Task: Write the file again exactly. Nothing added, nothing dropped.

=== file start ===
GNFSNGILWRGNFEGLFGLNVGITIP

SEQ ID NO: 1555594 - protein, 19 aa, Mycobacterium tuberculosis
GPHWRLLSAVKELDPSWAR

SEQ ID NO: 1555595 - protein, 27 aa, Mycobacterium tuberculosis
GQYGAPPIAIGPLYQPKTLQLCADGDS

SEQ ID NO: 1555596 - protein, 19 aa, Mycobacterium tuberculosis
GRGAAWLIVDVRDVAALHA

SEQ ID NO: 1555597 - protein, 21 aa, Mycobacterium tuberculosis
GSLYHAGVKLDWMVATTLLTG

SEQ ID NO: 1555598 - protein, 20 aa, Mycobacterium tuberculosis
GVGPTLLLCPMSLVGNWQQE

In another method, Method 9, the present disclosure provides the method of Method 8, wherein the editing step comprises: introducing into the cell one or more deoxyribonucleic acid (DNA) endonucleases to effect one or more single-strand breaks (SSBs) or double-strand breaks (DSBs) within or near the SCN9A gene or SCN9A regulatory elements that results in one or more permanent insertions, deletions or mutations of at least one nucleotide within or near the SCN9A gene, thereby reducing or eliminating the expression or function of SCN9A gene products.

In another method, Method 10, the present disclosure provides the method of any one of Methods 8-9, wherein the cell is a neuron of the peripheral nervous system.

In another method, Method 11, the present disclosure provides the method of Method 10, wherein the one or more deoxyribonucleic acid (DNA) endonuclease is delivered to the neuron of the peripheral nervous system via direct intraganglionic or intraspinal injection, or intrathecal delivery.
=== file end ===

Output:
GNFSNGILWRGNFEGLFGLNVGITIP

SEQ ID NO: 1555594 - protein, 19 aa, Mycobacterium tuberculosis
GPHWRLLSAVKELDPSWAR

SEQ ID NO: 1555595 - protein, 27 aa, Mycobacterium tuberculosis
GQYGAPPIAIGPLYQPKTLQLCADGDS

SEQ ID NO: 1555596 - protein, 19 aa, Mycobacterium tuberculosis
GRGAAWLIVDVRDVAALHA

SEQ ID NO: 1555597 - protein, 21 aa, Mycobacterium tuberculosis
GSLYHAGVKLDWMVATTLLTG

SEQ ID NO: 1555598 - protein, 20 aa, Mycobacterium tuberculosis
GVGPTLLLCPMSLVGNWQQE

In another method, Method 9, the present disclosure provides the method of Method 8, wherein the editing step comprises: introducing into the cell one or more deoxyribonucleic acid (DNA) endonucleases to effect one or more single-strand breaks (SSBs) or double-strand breaks (DSBs) within or near the SCN9A gene or SCN9A regulatory elements that results in one or more permanent insertions, deletions or mutations of at least one nucleotide within or near the SCN9A gene, thereby reducing or eliminating the expression or function of SCN9A gene products.

In another method, Method 10, the present disclosure provides the method of any one of Methods 8-9, wherein the cell is a neuron of the peripheral nervous system.

In another method, Method 11, the present disclosure provides the method of Method 10, wherein the one or more deoxyribonucleic acid (DNA) endonuclease is delivered to the neuron of the peripheral nervous system via direct intraganglionic or intraspinal injection, or intrathecal delivery.